Jul 21, 2004

NWA Flight 327: June 29, 2004. What's the buzz all about?

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I was forwarded this article from the NY Times today today (thanks ACDC), and it made me want to dig a little deeper, since they said that there are a lot of theories online and elsewhere about what "really happened" on this flight. I have my own thoughts on this, but first I'll post up the article, and then I'll write about it. I should have a link in here somewhere to the original piece that's referenced.

New York Times

July 20, 2004
What Really Happened on Flight 327?

There is no doubt that something out of the ordinary happened on Northwest Airlines Flight 327 from Detroit to Los Angeles on June 29. The plane was met at the airport by squads of federal agents and police responding to radio messages from the pilots about concerns that 14 Middle Eastern male passengers had spent the four-hour flight acting suspiciously.

But was the episode a dry run for a terrorist attack, as is now being widely suggested on the Internet and on talk radio, or an aborted terrorist attack? Or was it an innocent sequence of events that some passengers, overcome by anxiety and perhaps ethnic stereotyping, misinterpreted as a plot to blow up their plane?

The story of Flight 327 was first told in a 3,300-word online article, "Terror in the Skies, Again?" by Annie Jacobsen, a 37-year-old freelance writer from Los Angeles. Ms. Jacobsen's report was published last Tuesday on a Web site for women. It is compelling reading.

I have since spoken at length with Ms. Jacobsen, and also with an official of the Federal Air Marshal Service, who confirmed the gist of Ms. Jacobsen's narrative, if not her interpretation.

On June 29, Ms. Jacobsen; her husband, Kevin; and their 41/2-year-old son were returning home from a family visit in Rhode Island when they boarded a connecting flight in Detroit, Northwest 327. While boarding, both she and her husband became aware of a group of six men of Middle Eastern appearance who followed them on board. One wore a large orthopedic shoe. Two carried what appeared to be small musical instrument cases. One wore a yellow T-shirt and was carrying a big McDonald's sack.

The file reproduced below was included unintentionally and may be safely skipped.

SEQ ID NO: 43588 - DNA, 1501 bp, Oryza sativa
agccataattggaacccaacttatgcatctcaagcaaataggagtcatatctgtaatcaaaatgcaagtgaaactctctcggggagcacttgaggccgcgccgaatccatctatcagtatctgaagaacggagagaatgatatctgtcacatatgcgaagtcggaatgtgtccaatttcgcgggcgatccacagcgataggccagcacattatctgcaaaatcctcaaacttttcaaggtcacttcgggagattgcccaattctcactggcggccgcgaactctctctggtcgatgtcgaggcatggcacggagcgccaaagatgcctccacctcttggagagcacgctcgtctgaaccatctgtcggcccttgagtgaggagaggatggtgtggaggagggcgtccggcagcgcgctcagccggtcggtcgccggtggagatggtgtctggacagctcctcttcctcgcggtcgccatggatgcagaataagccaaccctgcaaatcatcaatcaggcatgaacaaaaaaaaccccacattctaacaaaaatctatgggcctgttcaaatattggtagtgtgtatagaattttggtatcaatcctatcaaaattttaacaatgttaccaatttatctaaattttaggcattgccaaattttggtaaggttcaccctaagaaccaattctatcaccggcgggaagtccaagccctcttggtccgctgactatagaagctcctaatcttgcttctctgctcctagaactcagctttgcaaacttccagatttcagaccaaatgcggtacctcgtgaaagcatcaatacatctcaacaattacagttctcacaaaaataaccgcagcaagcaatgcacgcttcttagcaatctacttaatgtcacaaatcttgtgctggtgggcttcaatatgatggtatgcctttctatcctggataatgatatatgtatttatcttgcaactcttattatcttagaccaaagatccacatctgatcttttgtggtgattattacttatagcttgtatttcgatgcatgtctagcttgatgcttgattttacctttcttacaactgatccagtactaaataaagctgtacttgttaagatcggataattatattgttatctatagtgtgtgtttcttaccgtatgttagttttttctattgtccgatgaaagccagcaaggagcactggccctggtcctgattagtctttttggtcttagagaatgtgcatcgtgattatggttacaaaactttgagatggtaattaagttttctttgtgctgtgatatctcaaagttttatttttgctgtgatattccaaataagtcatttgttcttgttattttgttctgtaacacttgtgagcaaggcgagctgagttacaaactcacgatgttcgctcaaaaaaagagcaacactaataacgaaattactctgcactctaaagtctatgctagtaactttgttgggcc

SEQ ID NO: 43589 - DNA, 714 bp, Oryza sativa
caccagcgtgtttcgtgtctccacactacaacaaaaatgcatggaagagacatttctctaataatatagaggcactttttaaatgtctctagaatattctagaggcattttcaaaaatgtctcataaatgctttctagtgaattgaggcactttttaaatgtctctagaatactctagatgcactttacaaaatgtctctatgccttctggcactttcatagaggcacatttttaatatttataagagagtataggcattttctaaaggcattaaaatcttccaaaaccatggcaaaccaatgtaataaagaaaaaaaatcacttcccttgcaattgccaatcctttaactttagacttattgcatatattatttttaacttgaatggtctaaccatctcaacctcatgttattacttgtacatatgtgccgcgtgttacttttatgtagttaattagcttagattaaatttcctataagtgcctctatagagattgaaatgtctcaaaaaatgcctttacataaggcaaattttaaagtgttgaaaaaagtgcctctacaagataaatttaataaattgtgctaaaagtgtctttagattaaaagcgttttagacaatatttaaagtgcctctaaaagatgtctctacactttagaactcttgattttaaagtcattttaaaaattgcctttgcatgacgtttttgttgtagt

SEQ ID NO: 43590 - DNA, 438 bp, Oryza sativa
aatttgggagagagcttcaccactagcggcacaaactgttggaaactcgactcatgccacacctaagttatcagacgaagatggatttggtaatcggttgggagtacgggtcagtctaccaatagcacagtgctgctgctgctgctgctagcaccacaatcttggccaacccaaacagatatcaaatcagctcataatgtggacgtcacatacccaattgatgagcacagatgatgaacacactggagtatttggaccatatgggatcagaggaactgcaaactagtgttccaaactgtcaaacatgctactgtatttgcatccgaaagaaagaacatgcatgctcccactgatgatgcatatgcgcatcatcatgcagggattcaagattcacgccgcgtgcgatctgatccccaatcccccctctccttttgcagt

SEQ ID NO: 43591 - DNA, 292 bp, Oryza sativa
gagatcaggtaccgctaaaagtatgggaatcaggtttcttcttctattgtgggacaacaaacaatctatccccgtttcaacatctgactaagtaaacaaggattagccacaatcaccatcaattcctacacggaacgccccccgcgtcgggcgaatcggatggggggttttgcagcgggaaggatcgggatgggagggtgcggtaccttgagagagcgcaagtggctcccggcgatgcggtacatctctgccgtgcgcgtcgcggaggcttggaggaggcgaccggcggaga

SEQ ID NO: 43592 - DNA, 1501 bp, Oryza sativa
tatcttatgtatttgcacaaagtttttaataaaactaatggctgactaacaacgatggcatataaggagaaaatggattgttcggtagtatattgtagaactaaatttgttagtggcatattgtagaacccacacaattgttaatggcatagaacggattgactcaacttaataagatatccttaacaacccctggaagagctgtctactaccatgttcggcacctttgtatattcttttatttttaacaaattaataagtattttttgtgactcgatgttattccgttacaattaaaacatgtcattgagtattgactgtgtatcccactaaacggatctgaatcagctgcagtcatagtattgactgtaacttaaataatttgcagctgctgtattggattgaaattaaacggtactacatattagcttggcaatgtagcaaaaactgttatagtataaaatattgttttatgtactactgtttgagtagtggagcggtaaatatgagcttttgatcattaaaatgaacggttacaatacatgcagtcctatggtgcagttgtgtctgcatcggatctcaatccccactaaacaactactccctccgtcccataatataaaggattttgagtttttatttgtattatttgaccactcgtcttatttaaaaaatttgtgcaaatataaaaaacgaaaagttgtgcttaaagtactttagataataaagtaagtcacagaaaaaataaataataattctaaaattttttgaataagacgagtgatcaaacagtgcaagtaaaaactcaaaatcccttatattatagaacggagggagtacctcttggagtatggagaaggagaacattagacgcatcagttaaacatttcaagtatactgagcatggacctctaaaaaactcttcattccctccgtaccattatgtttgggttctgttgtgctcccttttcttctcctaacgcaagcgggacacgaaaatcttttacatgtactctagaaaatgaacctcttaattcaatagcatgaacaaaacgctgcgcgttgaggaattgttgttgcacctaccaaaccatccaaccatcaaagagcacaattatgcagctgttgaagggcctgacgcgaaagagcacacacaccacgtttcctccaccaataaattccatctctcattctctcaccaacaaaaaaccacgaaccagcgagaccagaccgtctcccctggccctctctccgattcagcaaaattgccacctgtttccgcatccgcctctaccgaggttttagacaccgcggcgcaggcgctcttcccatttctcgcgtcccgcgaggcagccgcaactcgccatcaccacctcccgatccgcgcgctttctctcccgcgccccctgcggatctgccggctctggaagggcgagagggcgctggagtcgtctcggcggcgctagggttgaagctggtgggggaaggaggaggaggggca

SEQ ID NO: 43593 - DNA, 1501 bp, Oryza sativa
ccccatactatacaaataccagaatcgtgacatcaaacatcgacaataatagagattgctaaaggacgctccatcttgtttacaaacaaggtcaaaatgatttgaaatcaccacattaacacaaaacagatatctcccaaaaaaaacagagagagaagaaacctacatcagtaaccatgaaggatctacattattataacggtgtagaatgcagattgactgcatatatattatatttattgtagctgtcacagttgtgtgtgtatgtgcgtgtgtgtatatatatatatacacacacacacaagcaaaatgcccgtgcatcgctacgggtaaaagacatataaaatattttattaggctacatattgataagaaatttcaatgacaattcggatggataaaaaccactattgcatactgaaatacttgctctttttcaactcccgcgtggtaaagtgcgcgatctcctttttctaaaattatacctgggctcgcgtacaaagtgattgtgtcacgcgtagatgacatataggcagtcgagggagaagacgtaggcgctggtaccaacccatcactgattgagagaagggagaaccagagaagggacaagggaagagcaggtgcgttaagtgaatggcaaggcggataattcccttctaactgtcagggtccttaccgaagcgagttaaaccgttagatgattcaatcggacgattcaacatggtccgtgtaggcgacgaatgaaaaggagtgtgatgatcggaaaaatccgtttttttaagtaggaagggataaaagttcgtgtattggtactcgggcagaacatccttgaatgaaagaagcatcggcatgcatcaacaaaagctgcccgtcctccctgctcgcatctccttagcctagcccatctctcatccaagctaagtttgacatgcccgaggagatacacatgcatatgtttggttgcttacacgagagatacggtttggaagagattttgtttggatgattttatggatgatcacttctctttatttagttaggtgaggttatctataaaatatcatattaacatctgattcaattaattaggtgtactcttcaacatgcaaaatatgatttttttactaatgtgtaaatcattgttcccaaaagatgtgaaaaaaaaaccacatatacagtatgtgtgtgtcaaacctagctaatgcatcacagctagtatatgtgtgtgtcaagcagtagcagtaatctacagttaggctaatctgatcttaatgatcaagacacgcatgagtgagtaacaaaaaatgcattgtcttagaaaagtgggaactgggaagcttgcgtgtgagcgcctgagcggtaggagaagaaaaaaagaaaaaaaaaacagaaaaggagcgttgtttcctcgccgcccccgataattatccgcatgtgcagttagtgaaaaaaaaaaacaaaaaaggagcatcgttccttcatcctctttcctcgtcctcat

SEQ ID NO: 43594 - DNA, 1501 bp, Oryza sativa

As the Jacobsens settled into their seats, they watched a second group of Middle Eastern men board. These men were in communication with the first group "absolutely from the get-go," Ms. Jacobsen said. Furthermore, she said, "they all seemed to be checking in with the guy in the yellow shirt," who was sitting across the aisle from her.

Mr. Jacobsen, 38, who is the president of an import-and-design company as well as an actor in television commercials, was already feeling uneasy. "When I first got on the flight, my instincts said that something was wrong,'' he recalled. "I did turn to my wife and say, 'We must get off this flight.' " He didn't follow through on that, however, because he didn't want to create a commotion based on a whim, he said.

In great detail, Ms. Jacobsen's article describes the "unusual activity" the men engaged in during the flight. Other passengers and the flight attendants became alerted to it, also. Ignoring the "fasten seat belt'' signs, the men went frequently and in succession to the lavatories, and congregated near the galleys in pairs or threesomes. The man in the yellow shirt gave her a "cold, defiant look" when she caught his eye, she said.

About two hours into the flight, with tension building, her husband decided to approach a flight attendant with his suspicions. The flight attendant said the crew were already aware of the odd behavior, including the fact that parcels like the McDonald's bag were carried into the lavatories.

"She said I was 'right on schedule' with what I was feeling was happening, that she was aware of it, that they were passing notes to each other, that the pilots were aware of it, and that there were people on board who are 'higher up than you or me' that were watching them," Mr. Jacobsen said. He presumed, correctly, that this was a reference to undercover federal air marshals.